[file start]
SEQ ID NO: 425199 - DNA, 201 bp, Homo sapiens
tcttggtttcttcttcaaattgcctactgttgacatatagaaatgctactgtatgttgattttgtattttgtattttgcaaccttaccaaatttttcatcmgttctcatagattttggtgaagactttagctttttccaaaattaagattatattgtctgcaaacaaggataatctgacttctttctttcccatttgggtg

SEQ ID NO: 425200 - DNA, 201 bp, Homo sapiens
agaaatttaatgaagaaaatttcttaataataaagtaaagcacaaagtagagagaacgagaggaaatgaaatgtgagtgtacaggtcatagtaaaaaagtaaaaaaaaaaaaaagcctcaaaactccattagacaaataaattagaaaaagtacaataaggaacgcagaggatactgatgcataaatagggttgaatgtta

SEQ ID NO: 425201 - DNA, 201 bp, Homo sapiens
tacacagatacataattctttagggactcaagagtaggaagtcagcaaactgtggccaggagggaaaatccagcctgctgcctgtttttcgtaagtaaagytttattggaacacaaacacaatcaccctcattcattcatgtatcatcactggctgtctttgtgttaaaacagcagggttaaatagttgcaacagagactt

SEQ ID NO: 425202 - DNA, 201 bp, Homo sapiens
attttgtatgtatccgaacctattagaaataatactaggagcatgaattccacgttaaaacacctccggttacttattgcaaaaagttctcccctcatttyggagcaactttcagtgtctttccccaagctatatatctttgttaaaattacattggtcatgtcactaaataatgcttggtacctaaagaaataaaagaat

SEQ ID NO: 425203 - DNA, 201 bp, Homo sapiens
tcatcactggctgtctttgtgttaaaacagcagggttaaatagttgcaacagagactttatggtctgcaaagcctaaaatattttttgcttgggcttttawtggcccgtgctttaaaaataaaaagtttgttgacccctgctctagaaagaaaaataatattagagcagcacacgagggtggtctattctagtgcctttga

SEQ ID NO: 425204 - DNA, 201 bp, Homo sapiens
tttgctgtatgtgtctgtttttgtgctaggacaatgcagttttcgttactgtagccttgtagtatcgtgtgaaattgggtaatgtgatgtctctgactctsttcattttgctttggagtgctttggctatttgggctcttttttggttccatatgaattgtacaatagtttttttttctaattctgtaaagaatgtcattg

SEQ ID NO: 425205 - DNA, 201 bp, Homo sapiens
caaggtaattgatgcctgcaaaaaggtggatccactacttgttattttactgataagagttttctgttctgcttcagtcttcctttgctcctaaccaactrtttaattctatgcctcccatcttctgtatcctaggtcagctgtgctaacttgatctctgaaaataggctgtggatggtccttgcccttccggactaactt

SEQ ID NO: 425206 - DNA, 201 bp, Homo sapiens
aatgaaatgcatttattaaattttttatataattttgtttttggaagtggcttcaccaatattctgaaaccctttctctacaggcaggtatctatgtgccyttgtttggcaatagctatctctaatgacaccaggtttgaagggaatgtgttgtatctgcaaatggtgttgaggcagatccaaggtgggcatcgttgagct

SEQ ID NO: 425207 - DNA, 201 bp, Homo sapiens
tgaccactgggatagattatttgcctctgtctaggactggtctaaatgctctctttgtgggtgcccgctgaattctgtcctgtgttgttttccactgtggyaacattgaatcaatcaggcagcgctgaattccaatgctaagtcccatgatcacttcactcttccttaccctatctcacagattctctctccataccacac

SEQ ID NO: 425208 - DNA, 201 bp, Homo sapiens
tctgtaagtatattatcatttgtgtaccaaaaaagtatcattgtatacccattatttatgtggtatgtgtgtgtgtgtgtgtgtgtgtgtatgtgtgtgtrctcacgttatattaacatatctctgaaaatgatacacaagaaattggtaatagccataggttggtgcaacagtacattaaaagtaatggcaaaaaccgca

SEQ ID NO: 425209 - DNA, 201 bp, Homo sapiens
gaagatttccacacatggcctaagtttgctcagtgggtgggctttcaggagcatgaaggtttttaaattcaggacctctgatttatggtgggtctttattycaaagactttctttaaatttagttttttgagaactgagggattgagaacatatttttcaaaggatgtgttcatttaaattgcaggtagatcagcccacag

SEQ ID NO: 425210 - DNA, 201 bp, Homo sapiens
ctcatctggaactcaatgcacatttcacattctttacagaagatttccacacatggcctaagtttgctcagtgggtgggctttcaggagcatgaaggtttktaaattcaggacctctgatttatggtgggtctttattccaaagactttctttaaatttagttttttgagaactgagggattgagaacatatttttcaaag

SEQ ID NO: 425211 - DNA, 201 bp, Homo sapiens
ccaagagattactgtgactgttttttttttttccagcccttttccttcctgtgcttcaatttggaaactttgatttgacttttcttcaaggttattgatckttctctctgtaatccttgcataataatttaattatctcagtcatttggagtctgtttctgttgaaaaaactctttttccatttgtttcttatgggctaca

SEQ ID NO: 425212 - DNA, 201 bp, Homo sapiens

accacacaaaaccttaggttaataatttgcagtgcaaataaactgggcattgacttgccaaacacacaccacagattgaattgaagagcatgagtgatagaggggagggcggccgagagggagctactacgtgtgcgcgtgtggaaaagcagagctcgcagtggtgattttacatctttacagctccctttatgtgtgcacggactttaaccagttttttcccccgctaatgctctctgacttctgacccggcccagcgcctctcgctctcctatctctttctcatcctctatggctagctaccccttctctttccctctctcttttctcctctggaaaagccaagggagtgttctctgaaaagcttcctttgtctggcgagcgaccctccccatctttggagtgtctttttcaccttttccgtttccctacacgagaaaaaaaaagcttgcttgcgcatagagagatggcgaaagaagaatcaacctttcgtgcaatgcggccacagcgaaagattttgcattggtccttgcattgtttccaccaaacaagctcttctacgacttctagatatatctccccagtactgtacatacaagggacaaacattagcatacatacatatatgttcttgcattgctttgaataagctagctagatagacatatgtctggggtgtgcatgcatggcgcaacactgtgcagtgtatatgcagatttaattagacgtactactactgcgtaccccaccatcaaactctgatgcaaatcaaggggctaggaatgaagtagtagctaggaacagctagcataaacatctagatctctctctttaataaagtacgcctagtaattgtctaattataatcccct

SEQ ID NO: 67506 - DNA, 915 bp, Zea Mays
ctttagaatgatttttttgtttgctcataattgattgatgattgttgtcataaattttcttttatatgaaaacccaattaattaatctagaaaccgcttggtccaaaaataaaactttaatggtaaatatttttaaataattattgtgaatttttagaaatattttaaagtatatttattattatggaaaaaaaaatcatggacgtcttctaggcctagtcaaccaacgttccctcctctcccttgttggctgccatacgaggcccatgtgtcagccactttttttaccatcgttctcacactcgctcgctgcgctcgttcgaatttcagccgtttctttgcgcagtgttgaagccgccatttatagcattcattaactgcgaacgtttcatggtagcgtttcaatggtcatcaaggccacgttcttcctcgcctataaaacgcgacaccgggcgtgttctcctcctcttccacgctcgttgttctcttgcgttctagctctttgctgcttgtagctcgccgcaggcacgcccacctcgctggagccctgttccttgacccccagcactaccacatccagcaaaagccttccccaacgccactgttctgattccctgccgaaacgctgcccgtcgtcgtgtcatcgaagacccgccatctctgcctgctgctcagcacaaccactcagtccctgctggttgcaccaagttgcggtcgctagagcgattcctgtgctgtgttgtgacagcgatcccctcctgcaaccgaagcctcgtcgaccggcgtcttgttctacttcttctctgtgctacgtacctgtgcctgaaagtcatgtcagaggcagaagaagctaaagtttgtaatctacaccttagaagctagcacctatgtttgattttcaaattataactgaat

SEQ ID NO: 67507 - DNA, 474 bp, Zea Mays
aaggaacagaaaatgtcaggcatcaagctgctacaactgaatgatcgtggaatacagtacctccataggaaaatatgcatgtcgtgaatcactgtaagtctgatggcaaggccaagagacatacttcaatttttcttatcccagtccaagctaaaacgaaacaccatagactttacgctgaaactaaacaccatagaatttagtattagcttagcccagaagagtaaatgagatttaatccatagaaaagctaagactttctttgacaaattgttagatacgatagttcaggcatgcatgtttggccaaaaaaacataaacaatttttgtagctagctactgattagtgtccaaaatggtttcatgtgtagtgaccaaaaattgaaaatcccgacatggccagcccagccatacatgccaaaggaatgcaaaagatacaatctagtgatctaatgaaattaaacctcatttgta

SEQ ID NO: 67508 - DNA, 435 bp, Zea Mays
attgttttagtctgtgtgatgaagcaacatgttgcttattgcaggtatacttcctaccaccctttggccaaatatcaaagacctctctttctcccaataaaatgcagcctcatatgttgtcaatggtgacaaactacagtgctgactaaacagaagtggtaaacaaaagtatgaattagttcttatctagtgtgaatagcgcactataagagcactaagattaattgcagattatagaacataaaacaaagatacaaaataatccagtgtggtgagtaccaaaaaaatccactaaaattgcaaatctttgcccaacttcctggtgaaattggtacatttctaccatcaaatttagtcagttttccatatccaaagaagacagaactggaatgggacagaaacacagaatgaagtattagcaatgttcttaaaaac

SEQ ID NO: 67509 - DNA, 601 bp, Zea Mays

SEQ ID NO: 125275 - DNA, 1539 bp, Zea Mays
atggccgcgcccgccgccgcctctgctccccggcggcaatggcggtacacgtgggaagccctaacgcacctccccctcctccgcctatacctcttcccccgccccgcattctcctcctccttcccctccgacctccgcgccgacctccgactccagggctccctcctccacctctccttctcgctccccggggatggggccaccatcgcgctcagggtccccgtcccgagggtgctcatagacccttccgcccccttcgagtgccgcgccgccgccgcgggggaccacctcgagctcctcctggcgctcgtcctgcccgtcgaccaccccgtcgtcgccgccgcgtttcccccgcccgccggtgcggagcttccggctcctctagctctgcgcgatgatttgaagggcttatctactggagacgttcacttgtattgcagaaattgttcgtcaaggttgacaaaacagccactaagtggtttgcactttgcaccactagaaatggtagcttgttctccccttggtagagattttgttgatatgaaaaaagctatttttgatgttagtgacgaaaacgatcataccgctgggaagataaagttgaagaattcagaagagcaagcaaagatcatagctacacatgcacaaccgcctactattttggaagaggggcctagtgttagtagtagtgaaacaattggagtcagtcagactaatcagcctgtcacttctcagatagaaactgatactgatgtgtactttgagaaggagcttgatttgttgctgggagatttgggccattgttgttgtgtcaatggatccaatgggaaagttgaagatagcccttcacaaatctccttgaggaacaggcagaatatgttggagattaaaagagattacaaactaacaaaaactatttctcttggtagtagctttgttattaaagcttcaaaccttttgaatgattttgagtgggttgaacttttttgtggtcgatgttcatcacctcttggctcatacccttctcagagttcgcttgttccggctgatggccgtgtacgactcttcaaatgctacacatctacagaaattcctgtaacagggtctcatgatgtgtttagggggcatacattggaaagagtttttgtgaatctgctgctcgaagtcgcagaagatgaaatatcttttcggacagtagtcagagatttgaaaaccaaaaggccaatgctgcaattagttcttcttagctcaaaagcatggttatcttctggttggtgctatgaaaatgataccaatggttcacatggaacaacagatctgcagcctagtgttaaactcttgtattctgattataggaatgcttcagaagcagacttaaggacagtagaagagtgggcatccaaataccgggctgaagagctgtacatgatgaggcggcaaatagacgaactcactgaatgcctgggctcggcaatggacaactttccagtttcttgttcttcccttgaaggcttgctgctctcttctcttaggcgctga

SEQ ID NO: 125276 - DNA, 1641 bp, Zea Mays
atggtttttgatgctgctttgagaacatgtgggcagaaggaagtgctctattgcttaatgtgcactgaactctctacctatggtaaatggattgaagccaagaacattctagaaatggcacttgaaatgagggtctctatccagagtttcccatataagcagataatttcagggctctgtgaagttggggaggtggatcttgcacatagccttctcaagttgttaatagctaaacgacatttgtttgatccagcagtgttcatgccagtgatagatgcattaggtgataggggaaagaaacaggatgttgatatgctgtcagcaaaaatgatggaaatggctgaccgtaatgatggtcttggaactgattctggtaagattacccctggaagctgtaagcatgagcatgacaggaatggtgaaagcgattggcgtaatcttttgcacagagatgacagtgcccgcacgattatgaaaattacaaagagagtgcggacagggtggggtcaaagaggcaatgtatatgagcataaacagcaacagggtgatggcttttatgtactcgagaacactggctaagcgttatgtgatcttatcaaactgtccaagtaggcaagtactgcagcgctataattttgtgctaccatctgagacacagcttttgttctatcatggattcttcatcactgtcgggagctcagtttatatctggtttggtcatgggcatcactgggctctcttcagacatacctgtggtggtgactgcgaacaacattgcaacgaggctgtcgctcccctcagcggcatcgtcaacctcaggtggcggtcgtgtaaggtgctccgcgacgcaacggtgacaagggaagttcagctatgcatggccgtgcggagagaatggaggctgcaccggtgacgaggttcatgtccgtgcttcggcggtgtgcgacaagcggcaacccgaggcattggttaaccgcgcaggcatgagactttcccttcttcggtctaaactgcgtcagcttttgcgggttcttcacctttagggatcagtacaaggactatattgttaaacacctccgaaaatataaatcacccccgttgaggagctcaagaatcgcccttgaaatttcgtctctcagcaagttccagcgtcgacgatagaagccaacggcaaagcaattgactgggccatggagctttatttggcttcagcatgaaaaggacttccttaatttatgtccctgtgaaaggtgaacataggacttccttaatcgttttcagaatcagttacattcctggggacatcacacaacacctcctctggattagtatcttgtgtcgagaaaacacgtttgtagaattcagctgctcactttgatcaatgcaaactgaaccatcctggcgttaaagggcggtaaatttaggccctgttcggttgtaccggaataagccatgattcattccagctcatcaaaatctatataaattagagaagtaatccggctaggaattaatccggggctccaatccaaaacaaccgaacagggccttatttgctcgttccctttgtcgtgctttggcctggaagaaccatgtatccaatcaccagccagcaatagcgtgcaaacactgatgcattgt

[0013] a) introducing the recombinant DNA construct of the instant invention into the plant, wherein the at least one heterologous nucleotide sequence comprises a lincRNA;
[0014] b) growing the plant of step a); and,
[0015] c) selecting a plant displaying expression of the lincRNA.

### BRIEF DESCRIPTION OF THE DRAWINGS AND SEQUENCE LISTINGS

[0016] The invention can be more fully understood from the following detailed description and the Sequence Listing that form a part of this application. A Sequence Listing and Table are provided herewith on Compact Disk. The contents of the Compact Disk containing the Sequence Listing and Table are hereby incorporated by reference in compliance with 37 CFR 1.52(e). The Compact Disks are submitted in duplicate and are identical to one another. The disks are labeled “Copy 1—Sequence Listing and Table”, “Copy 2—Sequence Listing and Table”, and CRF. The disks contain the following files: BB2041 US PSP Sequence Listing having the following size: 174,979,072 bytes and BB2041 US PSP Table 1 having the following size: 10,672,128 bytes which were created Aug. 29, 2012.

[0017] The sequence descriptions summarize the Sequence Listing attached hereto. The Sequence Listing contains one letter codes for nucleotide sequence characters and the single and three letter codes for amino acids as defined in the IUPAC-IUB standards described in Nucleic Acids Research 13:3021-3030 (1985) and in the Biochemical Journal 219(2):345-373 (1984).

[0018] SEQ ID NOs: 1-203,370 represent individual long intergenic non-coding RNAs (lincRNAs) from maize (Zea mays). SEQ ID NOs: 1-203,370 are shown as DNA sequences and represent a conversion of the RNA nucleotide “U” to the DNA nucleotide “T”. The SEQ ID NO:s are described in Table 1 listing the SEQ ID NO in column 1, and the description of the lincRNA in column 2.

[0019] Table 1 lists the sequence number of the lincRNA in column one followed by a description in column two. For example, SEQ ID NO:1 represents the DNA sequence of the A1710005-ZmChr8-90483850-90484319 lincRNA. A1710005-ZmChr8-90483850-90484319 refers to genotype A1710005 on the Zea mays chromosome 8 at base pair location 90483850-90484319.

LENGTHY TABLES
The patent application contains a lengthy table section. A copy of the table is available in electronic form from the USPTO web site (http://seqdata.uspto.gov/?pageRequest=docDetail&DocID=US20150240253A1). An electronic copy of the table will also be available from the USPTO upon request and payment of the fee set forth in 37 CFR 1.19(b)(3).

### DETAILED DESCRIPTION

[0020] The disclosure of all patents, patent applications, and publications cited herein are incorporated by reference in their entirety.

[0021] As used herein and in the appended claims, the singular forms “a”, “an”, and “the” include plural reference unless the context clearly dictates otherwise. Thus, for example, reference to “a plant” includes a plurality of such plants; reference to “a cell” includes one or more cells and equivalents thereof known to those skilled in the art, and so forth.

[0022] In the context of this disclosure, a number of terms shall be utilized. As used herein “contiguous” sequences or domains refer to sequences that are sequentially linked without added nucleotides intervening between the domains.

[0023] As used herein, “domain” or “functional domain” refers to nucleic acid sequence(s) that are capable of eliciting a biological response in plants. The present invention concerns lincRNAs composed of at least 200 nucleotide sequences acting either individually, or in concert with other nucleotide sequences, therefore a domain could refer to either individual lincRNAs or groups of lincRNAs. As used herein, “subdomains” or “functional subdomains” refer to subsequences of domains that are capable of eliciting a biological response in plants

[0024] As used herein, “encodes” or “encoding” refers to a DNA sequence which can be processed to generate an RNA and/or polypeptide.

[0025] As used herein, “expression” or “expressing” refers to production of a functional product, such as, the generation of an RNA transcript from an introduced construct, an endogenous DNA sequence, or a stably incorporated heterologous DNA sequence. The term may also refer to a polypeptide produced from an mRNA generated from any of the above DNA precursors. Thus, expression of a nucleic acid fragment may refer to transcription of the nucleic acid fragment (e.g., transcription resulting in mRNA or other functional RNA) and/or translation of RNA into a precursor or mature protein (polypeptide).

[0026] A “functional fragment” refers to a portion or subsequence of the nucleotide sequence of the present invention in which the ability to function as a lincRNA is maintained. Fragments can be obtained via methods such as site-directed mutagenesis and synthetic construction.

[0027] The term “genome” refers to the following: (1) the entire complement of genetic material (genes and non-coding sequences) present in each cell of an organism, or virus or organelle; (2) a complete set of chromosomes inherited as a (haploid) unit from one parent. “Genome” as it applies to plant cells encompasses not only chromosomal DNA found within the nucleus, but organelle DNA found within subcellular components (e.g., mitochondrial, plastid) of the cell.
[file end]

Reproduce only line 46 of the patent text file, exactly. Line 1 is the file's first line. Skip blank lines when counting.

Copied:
[0018] SEQ ID NOs: 1-203,370 represent individual long intergenic non-coding RNAs (lincRNAs) from maize (Zea mays). SEQ ID NOs: 1-203,370 are shown as DNA sequences and represent a conversion of the RNA nucleotide “U” to the DNA nucleotide “T”. The SEQ ID NO:s are described in Table 1 listing the SEQ ID NO in column 1, and the description of the lincRNA in column 2.